• You must then assure your investors of a solid return on investment (ROI) and deliver – which goes back to sales and growth. Unless your offering is a scam you actually need to do some work! This comes with regular updates (marketing campaigns can have a tremendous or adverse impact on the uptake and price) on milestones reached.
  • The above is necessary to keep the investors abreast with progress and in the process, getting them to possibly increase funding. Growing interest and addition of more funds creates demand for the coin/ token which, in turn, drives up the price and market capitalization.
  • Voila! you would then be in business!

Here are some of the most successful ICOs of all time

NEO:

Known as “China’s Ethereum”, and backed by Microsoft, Alibaba and the Chinese government, NEO uses smart contract applications. It does so, however, with the addition of decentralized commerce, digitized assets and identification.

It enjoyed a considerable hike in token value from $0.03 to $88.20, NEO has big things coming with a 294,000% ROI.

Ethereum:

Unlike Bitcoin, the second-most valuable cryptocurrency in the world has more functionality than just being a coin. Its ledger technology is used to build and deploy decentralized applications a.k.a. “smart contract” technology.

Ethereum’s ROI has been nothing short of jaw-dropping at 230,000%. Having sold its tokens at $0.31, an Ether token now sits at a whopping $713, second in value only to Bitcoin.

Spectrecoin:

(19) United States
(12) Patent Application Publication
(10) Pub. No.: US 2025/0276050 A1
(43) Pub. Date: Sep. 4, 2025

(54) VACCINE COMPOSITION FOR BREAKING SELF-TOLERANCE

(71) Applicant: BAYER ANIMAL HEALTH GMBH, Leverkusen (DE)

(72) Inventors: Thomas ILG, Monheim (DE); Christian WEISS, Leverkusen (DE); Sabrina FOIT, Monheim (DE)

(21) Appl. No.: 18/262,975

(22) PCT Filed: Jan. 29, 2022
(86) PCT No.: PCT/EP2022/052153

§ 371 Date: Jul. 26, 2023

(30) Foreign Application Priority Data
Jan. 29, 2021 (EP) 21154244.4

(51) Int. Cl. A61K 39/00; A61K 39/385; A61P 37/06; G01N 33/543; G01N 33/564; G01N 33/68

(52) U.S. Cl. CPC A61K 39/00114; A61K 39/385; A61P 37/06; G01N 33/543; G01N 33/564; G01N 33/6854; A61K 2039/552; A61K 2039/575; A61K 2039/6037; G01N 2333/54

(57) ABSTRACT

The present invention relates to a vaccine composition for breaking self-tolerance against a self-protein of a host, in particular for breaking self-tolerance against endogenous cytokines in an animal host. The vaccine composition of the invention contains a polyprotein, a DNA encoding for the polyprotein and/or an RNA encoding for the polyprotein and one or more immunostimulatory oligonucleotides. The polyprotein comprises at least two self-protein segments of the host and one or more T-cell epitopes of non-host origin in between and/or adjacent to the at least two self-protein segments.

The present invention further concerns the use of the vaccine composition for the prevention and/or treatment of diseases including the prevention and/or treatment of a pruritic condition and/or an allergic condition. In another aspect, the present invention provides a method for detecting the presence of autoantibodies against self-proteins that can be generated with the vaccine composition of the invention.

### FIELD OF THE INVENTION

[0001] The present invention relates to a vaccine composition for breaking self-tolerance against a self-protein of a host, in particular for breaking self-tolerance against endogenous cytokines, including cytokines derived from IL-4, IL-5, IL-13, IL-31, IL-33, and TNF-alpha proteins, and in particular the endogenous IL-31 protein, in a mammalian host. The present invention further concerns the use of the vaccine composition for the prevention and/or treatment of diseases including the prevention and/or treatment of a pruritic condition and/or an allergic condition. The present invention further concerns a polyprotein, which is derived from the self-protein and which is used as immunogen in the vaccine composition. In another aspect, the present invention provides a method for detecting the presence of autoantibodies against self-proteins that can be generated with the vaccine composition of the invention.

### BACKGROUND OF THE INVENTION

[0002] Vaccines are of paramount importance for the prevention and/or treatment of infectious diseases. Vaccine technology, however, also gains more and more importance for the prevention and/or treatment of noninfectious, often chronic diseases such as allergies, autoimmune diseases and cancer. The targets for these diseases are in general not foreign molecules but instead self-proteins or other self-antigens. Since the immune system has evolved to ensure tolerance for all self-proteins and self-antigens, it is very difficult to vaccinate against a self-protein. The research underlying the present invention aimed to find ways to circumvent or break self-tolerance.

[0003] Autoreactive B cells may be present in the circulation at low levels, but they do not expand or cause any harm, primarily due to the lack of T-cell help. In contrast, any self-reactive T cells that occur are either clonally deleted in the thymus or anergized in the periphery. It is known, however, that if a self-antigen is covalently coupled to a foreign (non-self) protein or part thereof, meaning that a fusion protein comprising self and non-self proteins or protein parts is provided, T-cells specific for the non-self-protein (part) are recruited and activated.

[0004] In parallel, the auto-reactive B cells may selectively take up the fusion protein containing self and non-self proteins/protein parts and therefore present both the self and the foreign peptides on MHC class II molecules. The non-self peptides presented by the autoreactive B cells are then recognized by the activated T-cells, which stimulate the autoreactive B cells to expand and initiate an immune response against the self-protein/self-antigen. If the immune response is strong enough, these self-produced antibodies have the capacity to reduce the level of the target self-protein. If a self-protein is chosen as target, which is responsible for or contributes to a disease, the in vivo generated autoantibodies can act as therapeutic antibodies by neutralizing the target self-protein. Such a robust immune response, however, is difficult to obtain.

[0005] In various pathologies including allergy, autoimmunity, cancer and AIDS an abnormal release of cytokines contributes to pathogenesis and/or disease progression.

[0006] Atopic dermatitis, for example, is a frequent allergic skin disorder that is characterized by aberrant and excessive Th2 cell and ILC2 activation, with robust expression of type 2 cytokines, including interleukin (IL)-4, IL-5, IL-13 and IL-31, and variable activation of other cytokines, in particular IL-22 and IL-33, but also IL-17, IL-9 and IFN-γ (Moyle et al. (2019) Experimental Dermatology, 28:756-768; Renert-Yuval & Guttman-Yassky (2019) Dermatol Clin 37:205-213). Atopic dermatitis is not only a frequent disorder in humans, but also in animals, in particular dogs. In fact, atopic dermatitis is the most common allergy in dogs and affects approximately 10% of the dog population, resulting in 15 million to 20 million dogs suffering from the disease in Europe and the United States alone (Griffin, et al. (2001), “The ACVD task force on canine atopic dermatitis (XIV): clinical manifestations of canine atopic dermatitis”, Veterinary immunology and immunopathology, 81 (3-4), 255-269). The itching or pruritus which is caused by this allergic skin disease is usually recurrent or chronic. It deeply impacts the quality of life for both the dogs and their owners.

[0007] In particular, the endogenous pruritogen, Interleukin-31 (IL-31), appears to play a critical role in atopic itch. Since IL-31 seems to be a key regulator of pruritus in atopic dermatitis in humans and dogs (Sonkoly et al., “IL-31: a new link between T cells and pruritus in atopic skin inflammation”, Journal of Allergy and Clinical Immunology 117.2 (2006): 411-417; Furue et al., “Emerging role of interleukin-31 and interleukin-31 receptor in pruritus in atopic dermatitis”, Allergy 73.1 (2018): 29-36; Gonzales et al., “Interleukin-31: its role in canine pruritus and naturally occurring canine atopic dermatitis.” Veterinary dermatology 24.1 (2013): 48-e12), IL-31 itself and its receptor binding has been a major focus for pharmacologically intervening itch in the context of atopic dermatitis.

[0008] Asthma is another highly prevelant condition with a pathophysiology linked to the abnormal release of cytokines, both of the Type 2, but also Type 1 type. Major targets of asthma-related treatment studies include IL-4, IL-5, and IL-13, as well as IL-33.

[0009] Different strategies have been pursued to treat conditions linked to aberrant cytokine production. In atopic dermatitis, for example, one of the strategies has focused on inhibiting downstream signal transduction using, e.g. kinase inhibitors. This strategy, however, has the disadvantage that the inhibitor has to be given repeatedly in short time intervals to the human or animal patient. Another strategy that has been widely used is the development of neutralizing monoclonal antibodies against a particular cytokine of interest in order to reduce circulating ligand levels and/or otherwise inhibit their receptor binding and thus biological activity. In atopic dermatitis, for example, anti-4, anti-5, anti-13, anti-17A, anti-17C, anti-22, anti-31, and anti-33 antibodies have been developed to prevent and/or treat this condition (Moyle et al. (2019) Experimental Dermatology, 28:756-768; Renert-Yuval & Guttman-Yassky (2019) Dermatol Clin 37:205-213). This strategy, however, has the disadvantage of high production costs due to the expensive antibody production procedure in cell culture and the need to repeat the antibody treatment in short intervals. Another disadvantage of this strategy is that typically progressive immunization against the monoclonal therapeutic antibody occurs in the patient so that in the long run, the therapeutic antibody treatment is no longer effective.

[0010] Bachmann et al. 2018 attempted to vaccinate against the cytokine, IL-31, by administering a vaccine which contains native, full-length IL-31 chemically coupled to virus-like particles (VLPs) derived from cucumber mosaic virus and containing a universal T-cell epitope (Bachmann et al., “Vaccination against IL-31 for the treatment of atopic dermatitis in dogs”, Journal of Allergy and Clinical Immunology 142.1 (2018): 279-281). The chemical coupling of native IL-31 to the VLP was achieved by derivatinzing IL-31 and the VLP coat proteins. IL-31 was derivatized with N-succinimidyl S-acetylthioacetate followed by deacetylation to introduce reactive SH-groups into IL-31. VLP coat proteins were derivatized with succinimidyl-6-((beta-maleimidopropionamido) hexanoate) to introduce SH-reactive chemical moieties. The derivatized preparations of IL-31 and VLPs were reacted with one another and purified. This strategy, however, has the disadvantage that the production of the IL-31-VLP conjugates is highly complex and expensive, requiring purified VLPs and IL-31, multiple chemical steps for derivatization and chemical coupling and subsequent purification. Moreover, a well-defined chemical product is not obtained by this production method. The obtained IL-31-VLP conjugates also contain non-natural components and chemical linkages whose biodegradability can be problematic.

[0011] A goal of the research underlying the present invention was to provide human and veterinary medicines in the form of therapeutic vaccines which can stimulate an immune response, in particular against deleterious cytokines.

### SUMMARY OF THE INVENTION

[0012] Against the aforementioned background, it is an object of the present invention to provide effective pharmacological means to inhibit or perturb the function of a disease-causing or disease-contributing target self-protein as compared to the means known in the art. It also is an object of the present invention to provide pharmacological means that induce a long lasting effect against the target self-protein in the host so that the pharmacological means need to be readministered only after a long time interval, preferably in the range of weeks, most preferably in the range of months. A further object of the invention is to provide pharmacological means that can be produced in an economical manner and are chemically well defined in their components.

The “premier privacy-focused cryptocurrency” enables users to send and receive currency worldwide with total anonymity. It is currencies like SpectreCoin that have most government tax offices quaking in their boots.

If you had repurchased a token in November 2016, that puny $0.001 would be worth $0.64 today, or an ROI of 64,000%.

Stratis:

This UK-based start-up has craftily created a platform that is compatible with .NET and C#. As a result, the product appeals to veteran users of Microsoft products.

Raising 915 BTC in 5 weeks, those who cashed in on the low investment of $0.01 per token have seen a titanic ROI of 56,000%.

Ark:

With Ark, collaboration is the name of the game. The platform’s SmartBridge is a lightning-fast ecosystem designed to integrate other cryptocurrencies into its blockchain.

Investors were eager as any to buy in, and they have made a 35,400% gain given today’s token price of $3.54.

DigixDAO:

DGD, which stands for Digix Decentralized Autonomous Organization, is a self-governing community. It gives out grants to different projects which will promote the growth of the DGX network.

At a current value of $346.88 per token, this gives them a return of 10,722%.

Quantum (QTUM):

QTUM is an open-source value transfer platform which focuses on mobile decentralized apps or Dapps. QTUM is the world’s first proof-of-stake smart contracts platform.

They hosted a highly successful ICO in March 2017, and since that time has seen an ROI of 6,400%.

Source: investinblockchain.com